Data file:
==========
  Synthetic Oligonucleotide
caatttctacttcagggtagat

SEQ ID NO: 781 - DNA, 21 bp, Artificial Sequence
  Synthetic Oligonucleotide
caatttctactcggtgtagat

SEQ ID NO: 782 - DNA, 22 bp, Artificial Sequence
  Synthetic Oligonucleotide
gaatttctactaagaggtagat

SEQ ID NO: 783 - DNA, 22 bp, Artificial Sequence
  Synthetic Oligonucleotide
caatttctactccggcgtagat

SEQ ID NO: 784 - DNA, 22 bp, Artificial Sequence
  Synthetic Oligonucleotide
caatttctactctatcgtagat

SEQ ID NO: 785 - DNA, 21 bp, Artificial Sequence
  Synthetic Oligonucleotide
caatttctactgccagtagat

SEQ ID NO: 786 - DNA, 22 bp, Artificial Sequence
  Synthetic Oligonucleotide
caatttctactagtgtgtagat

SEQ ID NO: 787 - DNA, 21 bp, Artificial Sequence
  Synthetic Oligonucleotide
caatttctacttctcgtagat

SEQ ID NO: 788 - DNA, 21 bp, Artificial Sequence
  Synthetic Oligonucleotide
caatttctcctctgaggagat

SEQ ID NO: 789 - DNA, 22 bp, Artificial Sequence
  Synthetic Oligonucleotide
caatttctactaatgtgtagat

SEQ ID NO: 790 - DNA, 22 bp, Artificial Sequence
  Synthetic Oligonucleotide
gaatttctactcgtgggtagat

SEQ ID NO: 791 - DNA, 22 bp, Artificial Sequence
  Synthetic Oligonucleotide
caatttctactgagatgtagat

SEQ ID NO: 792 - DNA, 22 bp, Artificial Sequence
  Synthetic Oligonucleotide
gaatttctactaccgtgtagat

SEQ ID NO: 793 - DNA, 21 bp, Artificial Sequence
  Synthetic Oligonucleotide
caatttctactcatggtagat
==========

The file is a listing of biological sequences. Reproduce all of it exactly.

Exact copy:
  Synthetic Oligonucleotide
caatttctacttcagggtagat

SEQ ID NO: 781 - DNA, 21 bp, Artificial Sequence
  Synthetic Oligonucleotide
caatttctactcggtgtagat

SEQ ID NO: 782 - DNA, 22 bp, Artificial Sequence
  Synthetic Oligonucleotide
gaatttctactaagaggtagat

SEQ ID NO: 783 - DNA, 22 bp, Artificial Sequence
  Synthetic Oligonucleotide
caatttctactccggcgtagat

SEQ ID NO: 784 - DNA, 22 bp, Artificial Sequence
  Synthetic Oligonucleotide
caatttctactctatcgtagat

SEQ ID NO: 785 - DNA, 21 bp, Artificial Sequence
  Synthetic Oligonucleotide
caatttctactgccagtagat

SEQ ID NO: 786 - DNA, 22 bp, Artificial Sequence
  Synthetic Oligonucleotide
caatttctactagtgtgtagat

SEQ ID NO: 787 - DNA, 21 bp, Artificial Sequence
  Synthetic Oligonucleotide
caatttctacttctcgtagat

SEQ ID NO: 788 - DNA, 21 bp, Artificial Sequence
  Synthetic Oligonucleotide
caatttctcctctgaggagat

SEQ ID NO: 789 - DNA, 22 bp, Artificial Sequence
  Synthetic Oligonucleotide
caatttctactaatgtgtagat

SEQ ID NO: 790 - DNA, 22 bp, Artificial Sequence
  Synthetic Oligonucleotide
gaatttctactcgtgggtagat

SEQ ID NO: 791 - DNA, 22 bp, Artificial Sequence
  Synthetic Oligonucleotide
caatttctactgagatgtagat

SEQ ID NO: 792 - DNA, 22 bp, Artificial Sequence
  Synthetic Oligonucleotide
gaatttctactaccgtgtagat

SEQ ID NO: 793 - DNA, 21 bp, Artificial Sequence
  Synthetic Oligonucleotide
caatttctactcatggtagat